When 100 square feet of eight-inch-thick sandstone slabs broke loose from the west front of the Capitol building, it was a shock heard around the world. Well, at least around the District of Columbia, which sometimes mistakes itself for the world.
Bill Melton, a Capitol clinic technician, was sitting in his office at the time. ''I thought we were under either a heavy thunderstorm or a heavy bombing attack,'' he declared - a man-almost-in-the-street response that registered 10 on the Washington press corps Richter scale.
Still, Melton was millpond-calm compared to Rep. Jerry Lewis, Republican of California, who posed in the rubble beside George White, the Capitol architect, while announcing: ''The reality is that the Capitol is falling apart.''
In fact the reality seems to be:
1. ''No structural damage'' was done to the building. Mr. White himself is the authority here.
2. This menace of the masonry is hardly another '80s crisis. In 1965, 40 pounds of decorative molding fell on about the same spot. The designing flaw dates back to 1892 when Frederick Law Olmsted lowered the earth level to install terraces.
Indeed, congressmen have come and gone as the debate droned on: Should the facade be replaced? Or should a whole new front be built - and extended - providing a few more questionably necessary nooks for the representatives? Only a couple of days before the veneer came tumbling down, a House subcommittee had voted a $70.5 million appropriation toward repair - too late, if not too little.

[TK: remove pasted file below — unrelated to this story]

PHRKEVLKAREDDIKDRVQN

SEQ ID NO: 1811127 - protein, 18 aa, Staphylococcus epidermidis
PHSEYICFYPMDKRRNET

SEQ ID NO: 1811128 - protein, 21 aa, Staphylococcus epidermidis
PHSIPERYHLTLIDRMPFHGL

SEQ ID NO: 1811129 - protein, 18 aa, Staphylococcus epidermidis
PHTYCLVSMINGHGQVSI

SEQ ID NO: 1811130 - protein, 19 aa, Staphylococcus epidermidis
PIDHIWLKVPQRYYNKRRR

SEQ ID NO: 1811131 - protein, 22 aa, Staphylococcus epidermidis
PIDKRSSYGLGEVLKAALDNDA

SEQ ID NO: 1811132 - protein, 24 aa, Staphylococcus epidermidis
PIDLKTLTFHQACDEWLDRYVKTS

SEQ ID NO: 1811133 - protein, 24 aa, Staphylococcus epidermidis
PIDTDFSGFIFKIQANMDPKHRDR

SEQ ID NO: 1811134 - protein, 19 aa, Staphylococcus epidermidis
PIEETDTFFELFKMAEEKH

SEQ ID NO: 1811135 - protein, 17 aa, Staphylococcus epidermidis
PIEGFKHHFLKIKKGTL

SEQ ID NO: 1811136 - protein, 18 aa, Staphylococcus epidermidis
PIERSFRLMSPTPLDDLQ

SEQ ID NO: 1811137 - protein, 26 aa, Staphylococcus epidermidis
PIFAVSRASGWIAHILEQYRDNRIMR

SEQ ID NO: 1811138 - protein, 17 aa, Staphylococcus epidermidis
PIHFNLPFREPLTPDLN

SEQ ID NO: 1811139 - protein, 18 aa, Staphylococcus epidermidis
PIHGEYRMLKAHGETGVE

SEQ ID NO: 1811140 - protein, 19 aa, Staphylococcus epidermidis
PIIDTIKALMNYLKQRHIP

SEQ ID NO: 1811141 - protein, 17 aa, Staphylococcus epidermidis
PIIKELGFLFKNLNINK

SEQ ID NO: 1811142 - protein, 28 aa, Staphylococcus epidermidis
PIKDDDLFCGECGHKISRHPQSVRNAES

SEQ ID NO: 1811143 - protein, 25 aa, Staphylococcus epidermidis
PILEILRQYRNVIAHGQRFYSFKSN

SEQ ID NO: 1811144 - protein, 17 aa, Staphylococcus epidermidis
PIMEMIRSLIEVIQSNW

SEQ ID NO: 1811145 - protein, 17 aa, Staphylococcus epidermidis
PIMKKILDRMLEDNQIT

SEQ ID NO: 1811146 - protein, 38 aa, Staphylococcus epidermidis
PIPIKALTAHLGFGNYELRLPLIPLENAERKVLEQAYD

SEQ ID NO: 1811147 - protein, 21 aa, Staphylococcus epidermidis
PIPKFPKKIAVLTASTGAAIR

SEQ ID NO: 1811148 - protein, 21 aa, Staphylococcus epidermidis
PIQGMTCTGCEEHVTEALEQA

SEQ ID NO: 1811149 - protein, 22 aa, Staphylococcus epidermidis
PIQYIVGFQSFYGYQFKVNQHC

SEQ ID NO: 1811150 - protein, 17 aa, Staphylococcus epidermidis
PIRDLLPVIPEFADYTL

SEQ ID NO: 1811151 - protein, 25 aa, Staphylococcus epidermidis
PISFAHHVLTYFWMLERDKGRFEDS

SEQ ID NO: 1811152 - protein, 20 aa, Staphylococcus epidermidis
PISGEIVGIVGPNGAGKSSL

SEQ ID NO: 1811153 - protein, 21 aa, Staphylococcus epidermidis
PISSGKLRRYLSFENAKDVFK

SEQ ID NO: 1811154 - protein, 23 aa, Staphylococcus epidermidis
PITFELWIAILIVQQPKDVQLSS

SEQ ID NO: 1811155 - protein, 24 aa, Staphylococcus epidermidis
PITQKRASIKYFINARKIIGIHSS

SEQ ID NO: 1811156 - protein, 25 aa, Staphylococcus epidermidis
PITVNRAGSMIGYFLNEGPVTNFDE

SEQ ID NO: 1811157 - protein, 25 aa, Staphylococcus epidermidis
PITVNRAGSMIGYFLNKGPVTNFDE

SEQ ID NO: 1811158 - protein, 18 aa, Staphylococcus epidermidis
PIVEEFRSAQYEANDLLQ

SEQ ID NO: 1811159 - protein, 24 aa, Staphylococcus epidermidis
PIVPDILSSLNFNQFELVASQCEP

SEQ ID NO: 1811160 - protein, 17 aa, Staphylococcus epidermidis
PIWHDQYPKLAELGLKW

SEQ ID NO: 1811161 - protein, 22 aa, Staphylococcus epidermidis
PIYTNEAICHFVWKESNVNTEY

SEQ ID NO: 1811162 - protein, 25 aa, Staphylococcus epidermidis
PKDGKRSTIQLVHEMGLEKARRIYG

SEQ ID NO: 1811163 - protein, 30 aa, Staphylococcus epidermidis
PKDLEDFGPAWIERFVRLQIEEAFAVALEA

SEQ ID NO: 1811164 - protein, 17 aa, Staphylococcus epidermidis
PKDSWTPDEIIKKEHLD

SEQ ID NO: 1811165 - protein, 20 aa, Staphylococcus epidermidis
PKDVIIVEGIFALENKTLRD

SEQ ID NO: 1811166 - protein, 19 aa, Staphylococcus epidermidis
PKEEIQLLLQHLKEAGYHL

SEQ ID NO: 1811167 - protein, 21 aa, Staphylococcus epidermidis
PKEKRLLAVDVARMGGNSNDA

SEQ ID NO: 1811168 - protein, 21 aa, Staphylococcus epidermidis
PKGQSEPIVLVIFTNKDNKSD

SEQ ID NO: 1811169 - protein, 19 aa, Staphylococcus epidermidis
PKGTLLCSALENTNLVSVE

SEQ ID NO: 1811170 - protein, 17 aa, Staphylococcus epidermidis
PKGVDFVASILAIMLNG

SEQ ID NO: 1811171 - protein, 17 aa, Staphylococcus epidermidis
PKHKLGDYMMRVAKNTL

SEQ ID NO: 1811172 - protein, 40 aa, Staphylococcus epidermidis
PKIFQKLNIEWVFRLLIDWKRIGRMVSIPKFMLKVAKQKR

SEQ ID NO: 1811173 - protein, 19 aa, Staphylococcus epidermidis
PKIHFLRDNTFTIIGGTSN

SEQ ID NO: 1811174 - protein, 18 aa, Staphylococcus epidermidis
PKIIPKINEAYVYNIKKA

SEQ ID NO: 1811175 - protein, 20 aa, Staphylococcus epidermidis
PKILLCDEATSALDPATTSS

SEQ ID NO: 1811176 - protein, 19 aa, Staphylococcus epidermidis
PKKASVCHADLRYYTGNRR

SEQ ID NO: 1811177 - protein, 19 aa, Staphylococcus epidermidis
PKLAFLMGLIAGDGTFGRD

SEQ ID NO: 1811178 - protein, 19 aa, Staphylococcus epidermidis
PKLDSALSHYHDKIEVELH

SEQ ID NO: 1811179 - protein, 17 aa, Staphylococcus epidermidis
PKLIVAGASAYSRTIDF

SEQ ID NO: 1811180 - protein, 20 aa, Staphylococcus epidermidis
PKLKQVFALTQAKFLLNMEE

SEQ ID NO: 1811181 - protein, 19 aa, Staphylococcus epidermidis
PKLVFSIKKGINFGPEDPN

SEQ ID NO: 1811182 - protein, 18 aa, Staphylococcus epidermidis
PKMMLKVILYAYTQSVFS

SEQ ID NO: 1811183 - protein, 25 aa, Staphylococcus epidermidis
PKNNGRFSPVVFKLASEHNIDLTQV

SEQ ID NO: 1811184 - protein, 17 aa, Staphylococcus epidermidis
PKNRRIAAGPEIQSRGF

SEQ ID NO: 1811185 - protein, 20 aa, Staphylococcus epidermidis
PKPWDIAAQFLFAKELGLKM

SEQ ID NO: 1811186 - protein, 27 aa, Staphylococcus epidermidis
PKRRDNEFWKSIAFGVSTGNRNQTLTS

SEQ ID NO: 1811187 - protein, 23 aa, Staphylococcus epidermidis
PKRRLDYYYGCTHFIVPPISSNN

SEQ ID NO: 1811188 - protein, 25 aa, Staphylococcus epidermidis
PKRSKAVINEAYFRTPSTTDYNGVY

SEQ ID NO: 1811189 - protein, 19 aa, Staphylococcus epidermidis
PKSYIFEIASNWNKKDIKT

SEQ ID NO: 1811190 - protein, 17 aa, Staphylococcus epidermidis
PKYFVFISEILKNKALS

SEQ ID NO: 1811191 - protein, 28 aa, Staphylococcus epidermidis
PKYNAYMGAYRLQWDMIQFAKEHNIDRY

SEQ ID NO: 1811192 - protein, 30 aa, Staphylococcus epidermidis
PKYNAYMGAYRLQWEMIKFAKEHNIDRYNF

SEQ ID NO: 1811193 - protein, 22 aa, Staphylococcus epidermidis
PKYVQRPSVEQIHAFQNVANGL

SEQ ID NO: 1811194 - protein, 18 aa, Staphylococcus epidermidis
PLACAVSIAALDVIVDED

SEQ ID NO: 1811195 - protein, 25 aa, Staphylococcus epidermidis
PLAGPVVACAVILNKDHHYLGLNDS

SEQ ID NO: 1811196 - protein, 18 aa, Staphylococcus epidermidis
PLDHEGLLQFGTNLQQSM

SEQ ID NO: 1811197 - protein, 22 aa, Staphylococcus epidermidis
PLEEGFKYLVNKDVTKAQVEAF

The safety of human beings must be taken seriously. Nobody would argue that 100 square feet of sandstone falling is not telling us: ''Fix me - and fast.''
Still, there's something about a crumbling monument that seems to bring out the worst in the rhetoric of politicians.
Sen. Daniel Patrick Moynihan, Democrat of New York, looked at the case of decline-and-fall as if it were a warning parable and said: ''If our nation has the capacity to do anything boldly and directly, we will agree this month, this week to restore the west front of the Capitol.''
To be sure, it has been a hard time for Congress as an operating body, strangled in filibuster, unable to shake bills out of committee - driving a number of younger and abler members into early retirement from sheer frustration.
One congressman summed up, anonymously: ''If there's a trivial issue, it's handled scrupulously, with hearings and rules. But really important issues are handled in an atmosphere of chaos and pandemonium.''
And now, literally, the walls have come crashing down.
If we can't hold our government buildings together, how can we expect to hold our government together?
The logic appears to follow until one remembers Gandhi, functioning without benefit of any edifice, and Rome, going down to disaster with all its facades in place.
We must remind ourselves of the obvious.
An edifice is not to be confused with what it shelters.
A house, as they say, is not a home.
A church is not the sum of its stones - no geological rock can be the rock it is built upon.
And when sandstone veneer collapses, the power to govern does not collapse with it.
A building is the metaphor - not the other way around.
By all means, let's honor this original wing, for which George Washington laid the cornerstone. By all means, let's get on with the repairs. But let's not make an Aesop fable out of it for the alleged impotence of Our Times.